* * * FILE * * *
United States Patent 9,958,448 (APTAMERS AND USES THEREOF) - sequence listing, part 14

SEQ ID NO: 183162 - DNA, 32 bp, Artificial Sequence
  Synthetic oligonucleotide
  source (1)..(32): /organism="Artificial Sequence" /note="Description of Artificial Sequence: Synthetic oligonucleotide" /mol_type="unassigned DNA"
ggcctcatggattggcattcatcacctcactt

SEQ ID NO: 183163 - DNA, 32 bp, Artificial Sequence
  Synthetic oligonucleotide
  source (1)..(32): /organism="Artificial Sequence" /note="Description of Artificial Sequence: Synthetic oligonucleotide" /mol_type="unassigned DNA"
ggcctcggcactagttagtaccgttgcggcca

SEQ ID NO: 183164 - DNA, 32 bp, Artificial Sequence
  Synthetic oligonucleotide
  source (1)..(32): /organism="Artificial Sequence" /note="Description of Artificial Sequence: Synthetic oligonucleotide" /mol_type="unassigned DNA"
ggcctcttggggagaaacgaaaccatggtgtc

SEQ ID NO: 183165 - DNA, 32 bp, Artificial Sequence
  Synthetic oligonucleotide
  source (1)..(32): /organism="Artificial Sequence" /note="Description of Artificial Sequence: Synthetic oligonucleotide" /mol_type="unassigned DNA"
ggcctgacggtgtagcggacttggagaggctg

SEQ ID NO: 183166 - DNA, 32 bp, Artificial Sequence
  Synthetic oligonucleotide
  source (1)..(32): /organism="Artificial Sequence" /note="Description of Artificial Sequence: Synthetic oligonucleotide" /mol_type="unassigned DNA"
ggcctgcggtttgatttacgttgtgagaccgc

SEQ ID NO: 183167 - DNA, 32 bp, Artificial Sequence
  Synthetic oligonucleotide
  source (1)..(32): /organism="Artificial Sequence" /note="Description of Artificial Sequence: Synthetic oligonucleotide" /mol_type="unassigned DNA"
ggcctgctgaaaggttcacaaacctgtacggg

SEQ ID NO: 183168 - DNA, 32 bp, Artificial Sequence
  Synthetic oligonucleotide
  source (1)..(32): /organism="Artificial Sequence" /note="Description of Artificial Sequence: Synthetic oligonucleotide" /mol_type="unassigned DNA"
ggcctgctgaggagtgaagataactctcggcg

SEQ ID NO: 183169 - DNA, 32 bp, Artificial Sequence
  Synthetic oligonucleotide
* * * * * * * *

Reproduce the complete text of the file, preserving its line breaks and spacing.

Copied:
United States Patent 9,958,448 (APTAMERS AND USES THEREOF) - sequence listing, part 14

SEQ ID NO: 183162 - DNA, 32 bp, Artificial Sequence
  Synthetic oligonucleotide
  source (1)..(32): /organism="Artificial Sequence" /note="Description of Artificial Sequence: Synthetic oligonucleotide" /mol_type="unassigned DNA"
ggcctcatggattggcattcatcacctcactt

SEQ ID NO: 183163 - DNA, 32 bp, Artificial Sequence
  Synthetic oligonucleotide
  source (1)..(32): /organism="Artificial Sequence" /note="Description of Artificial Sequence: Synthetic oligonucleotide" /mol_type="unassigned DNA"
ggcctcggcactagttagtaccgttgcggcca

SEQ ID NO: 183164 - DNA, 32 bp, Artificial Sequence
  Synthetic oligonucleotide
  source (1)..(32): /organism="Artificial Sequence" /note="Description of Artificial Sequence: Synthetic oligonucleotide" /mol_type="unassigned DNA"
ggcctcttggggagaaacgaaaccatggtgtc

SEQ ID NO: 183165 - DNA, 32 bp, Artificial Sequence
  Synthetic oligonucleotide
  source (1)..(32): /organism="Artificial Sequence" /note="Description of Artificial Sequence: Synthetic oligonucleotide" /mol_type="unassigned DNA"
ggcctgacggtgtagcggacttggagaggctg

SEQ ID NO: 183166 - DNA, 32 bp, Artificial Sequence
  Synthetic oligonucleotide
  source (1)..(32): /organism="Artificial Sequence" /note="Description of Artificial Sequence: Synthetic oligonucleotide" /mol_type="unassigned DNA"
ggcctgcggtttgatttacgttgtgagaccgc

SEQ ID NO: 183167 - DNA, 32 bp, Artificial Sequence
  Synthetic oligonucleotide
  source (1)..(32): /organism="Artificial Sequence" /note="Description of Artificial Sequence: Synthetic oligonucleotide" /mol_type="unassigned DNA"
ggcctgctgaaaggttcacaaacctgtacggg

SEQ ID NO: 183168 - DNA, 32 bp, Artificial Sequence
  Synthetic oligonucleotide
  source (1)..(32): /organism="Artificial Sequence" /note="Description of Artificial Sequence: Synthetic oligonucleotide" /mol_type="unassigned DNA"
ggcctgctgaggagtgaagataactctcggcg

SEQ ID NO: 183169 - DNA, 32 bp, Artificial Sequence
  Synthetic oligonucleotide